Patients Try Some Roles of Doctors
January 27, 2003
A study published in this month's issue of Sexually Transmitted Diseases bolsters the view that women who give medicine to their partners are more likely to avoid a second infection of chlamydia. An earlier study of patient-delivered partner treatment spurred California lawmakers to change state law to allow doctors to give patients extra doses of antibiotic for their sex partners. Other states, like Louisiana, would have to enact similar legislative changes to carry out the program: Current Louisiana law requires doctors to examine patients before dispensing medicine.Adapted from:
Tulane University epidemiologist Patricia Kissinger conducted the earlier study and oversaw the New Orleans portion of the current one. The full report, "Patient-Delivered Partner Treatment with Azithromycin to Prevent Repeated Chlamydia Trachomatis Infection Among Women: A Randomized, Controlled Trial," appeared in Sexually Transmitted Diseases, (2003;30(1):49-56). The study followed nearly 1,800 women with chlamydia, which can be cured with one dose of azithromycin. Because it was a medical study, doctors were allowed to dispense medication for patients they had not examined. New Orleans provided about half the women for the study; other venues were Seattle, Indianapolis, Birmingham, and California cities including Los Angeles, San Francisco, Long Beach and Torrance. Kissinger and colleagues found that women who provided their partners with azithromycin were 20 percent less likely to be reinfected with chlamydia than those who did not.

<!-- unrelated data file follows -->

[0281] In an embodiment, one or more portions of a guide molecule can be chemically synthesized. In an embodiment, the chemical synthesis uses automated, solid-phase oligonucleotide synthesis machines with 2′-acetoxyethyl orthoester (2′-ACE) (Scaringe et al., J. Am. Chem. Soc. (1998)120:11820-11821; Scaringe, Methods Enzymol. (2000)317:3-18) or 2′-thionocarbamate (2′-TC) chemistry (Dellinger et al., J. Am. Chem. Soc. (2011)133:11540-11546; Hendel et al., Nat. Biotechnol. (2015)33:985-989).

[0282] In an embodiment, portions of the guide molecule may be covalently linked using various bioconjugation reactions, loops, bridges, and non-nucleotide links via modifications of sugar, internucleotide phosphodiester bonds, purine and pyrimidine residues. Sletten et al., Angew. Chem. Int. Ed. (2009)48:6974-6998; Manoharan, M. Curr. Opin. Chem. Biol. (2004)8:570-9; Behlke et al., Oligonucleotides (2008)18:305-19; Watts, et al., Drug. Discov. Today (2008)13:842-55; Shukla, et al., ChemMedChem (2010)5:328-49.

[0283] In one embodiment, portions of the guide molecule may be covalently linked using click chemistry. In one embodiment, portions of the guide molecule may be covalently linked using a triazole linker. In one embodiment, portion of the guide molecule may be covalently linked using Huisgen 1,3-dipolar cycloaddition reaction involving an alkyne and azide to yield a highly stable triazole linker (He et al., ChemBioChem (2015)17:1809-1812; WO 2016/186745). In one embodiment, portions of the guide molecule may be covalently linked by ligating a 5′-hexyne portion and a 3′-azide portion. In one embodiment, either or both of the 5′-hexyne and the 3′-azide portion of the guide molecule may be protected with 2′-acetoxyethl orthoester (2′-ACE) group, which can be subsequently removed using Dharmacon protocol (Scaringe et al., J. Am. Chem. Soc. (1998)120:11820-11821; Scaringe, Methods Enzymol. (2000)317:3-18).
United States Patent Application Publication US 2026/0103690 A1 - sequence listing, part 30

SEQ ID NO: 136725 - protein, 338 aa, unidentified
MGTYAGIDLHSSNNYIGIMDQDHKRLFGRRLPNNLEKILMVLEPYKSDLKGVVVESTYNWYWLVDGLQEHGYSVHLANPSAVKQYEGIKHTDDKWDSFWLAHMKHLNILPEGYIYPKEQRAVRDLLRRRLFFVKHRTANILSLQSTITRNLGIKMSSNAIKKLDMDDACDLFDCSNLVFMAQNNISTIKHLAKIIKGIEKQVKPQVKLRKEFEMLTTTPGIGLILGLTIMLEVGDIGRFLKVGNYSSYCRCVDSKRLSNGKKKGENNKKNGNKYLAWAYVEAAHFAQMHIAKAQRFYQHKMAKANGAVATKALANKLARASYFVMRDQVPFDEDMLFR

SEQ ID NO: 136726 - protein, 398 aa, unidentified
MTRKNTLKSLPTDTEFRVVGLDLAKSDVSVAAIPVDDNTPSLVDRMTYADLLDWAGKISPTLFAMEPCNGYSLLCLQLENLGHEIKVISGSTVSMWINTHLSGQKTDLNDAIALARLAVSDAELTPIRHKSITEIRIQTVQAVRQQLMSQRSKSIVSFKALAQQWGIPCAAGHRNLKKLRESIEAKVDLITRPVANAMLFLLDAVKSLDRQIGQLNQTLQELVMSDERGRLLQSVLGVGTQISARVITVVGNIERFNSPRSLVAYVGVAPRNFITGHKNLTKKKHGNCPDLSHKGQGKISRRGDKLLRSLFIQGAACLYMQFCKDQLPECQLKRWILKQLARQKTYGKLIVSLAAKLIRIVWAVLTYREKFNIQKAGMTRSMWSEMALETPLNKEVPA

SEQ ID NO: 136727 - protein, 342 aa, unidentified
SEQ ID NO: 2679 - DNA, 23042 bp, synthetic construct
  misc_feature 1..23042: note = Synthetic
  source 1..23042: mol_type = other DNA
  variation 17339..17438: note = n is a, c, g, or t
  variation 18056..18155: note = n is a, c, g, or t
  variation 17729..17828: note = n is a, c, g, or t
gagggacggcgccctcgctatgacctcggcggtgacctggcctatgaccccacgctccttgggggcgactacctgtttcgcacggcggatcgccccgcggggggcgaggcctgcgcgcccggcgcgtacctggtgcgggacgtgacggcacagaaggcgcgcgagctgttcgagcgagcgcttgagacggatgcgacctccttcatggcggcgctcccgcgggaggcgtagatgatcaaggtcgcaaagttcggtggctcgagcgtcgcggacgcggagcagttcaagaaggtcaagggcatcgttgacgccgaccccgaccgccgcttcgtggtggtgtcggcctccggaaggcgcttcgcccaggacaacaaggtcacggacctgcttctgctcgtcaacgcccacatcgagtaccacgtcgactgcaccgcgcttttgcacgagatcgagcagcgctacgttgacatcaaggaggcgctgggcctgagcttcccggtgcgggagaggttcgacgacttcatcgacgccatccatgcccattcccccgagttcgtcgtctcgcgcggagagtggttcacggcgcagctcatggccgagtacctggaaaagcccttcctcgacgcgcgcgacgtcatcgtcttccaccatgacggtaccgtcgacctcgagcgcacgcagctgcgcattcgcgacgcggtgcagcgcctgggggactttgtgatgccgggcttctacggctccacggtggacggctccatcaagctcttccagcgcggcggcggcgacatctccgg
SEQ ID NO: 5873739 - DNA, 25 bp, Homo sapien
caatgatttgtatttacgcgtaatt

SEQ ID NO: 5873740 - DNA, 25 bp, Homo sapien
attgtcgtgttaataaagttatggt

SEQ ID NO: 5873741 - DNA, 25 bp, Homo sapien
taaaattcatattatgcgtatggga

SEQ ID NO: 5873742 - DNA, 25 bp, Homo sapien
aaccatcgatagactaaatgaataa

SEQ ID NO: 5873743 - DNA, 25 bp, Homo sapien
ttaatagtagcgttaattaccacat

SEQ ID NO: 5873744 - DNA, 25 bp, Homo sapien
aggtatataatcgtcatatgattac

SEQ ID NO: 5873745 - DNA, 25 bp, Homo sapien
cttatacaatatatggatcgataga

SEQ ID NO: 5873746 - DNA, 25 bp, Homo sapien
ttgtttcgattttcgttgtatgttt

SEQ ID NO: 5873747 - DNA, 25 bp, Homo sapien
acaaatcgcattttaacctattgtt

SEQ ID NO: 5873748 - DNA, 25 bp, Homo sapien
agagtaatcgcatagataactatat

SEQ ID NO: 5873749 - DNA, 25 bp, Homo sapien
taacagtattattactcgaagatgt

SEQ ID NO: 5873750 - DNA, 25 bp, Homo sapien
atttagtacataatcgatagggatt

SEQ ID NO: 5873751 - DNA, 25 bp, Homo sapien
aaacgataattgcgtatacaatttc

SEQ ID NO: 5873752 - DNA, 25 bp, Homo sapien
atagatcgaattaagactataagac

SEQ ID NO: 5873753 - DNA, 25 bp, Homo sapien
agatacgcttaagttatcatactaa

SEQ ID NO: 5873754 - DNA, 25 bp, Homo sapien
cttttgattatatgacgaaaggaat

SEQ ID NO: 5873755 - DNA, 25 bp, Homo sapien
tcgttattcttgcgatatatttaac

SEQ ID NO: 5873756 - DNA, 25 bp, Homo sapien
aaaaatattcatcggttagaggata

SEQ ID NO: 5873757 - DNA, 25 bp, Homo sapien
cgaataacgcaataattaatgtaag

In California, which logs about 600,000 chlamydia cases a year, clinics have received no reports of adverse reactions to the treatment since the law went into effect two years ago, according to Dr. Jeff Klausner, head of the STD unit in the San Francisco Department of Public Health. The California law does not exempt physicians from lawsuits resulting from bad reactions to the drugs in unexamined recipients.
Times-Picayune (New Orleans)
01.21.03; John Pope
This article was provided by CDC National Prevention Information Network. It is a part of the publication CDC HIV/Hepatitis/STD/TB Prevention News Update.